We just got married, and I found out that my husband is suffering from impotency (impotence). If I didn't know about this prior to marriage, can this marriage be annulled? Isn't this a basic fact that I should have been told before I was asked to consent to marriage? What is the reason for marriage anyway, if not to have children?
It sounds that you have have just experienced a huge betrayal of trust, no matter what the reasons you may have been given for it. I can barely begin to imagine your pain and shock, anger and disappointment. A man's ability to have intercourse with you, for pleasure and procreation is part of the marital understanding in Judaism as I understand our tradition and practices. While your husband may not be infertile, impotence undisclosed would seem to me to be in breech of contractual assumptions and expectations. One option is the one you mention, annulment (under the principle of kedushei taut) and a get, a Jewish divorce process and document, to ensure your future marriageability would likely be arranged at your request of the rabbi who did your marriage.
AND since you hadn't detected his impotence sooner, you sound possibly Orthodox or a virgin, or celibate until marriage in this relationship. Maybe he's not impotent. Has the man you just married had a medical work-up for impotence? It might not be a permanent or long-term condition. Erectile dysfunction (ED) can be emotional, especially for those who are scared and inexperienced and perhaps not well prepared. Was this an arranged marriage and not a big time or heart investment? Or a deep love? A first or second marriage? Be sure to consult your or rebbetzin, rabbi, or a religious counselor immediately for Jewish intellectual, physical, emotional and spiritual guidance and probably a good trauma therapist as well. If you find it hard to secure support that feels safe and professional, please be in touch through this website and I will be glad to assist you in navigating professional networks.
It's been some days since you had this incident. So, a question. Why did you want to be with this husband, beyond having children? Is any of that "good stuff" still accessible for your spirit, i.e., your full kavannah for the marriage? Remember, he may have viable sperm and artificial insemination might work out. Pleasure can be given in many ways and some people are able to live and love in the context of such a disability, should he actually prove to be medically impotent. Consider pausing before leaping out of this marriage in horror, is there something precious yet? Things are seldom what they seem. If he didn't know ED would happen, then consider a process of trust-rebuilding with the help of a professional. Likely you are a deeply good person and know this already - that you need to be very careful for his and your reputation in the community and so don't scream this situation all over town. Judaism has beautifully developed ethics about who "needs to know," and the two of you need to be sure to discuss that with your rabbi, as well. The rules of ethical speech would be a whole other article to write for Jewish Values Online.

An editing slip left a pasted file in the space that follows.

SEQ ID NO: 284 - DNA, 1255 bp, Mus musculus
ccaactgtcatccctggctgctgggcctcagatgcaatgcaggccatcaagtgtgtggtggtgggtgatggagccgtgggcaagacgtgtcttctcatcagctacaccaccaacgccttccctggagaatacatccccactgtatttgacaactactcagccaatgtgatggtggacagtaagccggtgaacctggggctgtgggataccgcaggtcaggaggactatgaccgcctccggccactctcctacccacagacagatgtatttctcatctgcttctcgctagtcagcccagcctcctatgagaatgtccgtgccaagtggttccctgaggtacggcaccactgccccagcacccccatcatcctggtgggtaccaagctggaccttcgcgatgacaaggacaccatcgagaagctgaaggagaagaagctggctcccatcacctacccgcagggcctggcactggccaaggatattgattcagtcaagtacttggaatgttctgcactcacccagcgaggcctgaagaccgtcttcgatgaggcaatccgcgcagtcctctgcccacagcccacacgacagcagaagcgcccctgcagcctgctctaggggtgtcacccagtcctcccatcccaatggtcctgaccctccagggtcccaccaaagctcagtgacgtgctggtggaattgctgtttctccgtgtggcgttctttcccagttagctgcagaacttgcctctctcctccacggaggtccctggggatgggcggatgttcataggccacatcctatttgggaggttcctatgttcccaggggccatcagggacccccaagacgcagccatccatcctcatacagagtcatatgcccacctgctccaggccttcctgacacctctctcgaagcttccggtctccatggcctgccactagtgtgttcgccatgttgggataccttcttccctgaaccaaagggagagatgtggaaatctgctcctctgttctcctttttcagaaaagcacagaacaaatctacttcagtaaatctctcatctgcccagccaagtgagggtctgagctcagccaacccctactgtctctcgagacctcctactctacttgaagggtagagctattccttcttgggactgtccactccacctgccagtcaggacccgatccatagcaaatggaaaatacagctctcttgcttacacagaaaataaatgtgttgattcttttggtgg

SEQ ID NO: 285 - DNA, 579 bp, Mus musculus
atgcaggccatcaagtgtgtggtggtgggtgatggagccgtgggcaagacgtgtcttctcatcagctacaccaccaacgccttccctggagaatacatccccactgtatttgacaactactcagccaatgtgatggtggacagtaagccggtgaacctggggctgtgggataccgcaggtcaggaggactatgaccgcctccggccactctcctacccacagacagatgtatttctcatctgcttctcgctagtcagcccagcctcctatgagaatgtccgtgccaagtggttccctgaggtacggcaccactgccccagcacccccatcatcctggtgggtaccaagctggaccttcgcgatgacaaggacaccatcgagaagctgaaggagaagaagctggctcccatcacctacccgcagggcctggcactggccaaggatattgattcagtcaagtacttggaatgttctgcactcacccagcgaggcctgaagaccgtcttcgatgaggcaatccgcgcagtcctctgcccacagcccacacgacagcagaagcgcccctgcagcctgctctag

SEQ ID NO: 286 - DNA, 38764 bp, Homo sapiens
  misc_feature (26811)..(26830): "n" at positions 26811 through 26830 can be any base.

All that said, if you elect annulment or divorce, you will also need a lawyer to deal with your civil marriage annulment or divorce issues depending upon your state or country of residence.
Though it has rarely been used, there is a concept of “kidushei taut”, invalid creation of a marriage because of mistaken information, in which a marriage can be annulled.Rabbi Michael Broyde explains that according to Rabbi Moshe Feinstein if the following conditions are met, a marriage can be annulled without a Get, a divorce decree.
(1) The woman must discover a serious defect present in her husband after they are married.
(2) That defect must have been present in the husband at the time of the marriage.
(3) The woman must have been unaware of the defect at the time of marriage.
(4) The woman must discontinue marital relations with her husband either immediately or very soon after the discovery of the defect.
Furthermore Rabbi Broyde deals directly with our question.
… a man who is blind or lame or impotent priorto his marriage, and hides that pattern from his fiancee. If the other conditions are present, … could be (a) case(s) of error in the enactment, as the condition was clearly present at the time of the marriage.(I have edited the statement for clarity.)
I must add, however, that I believe the woman would still be urged to obtain a Get from her husband without which present orthodox policy would make it difficult for her to remarry.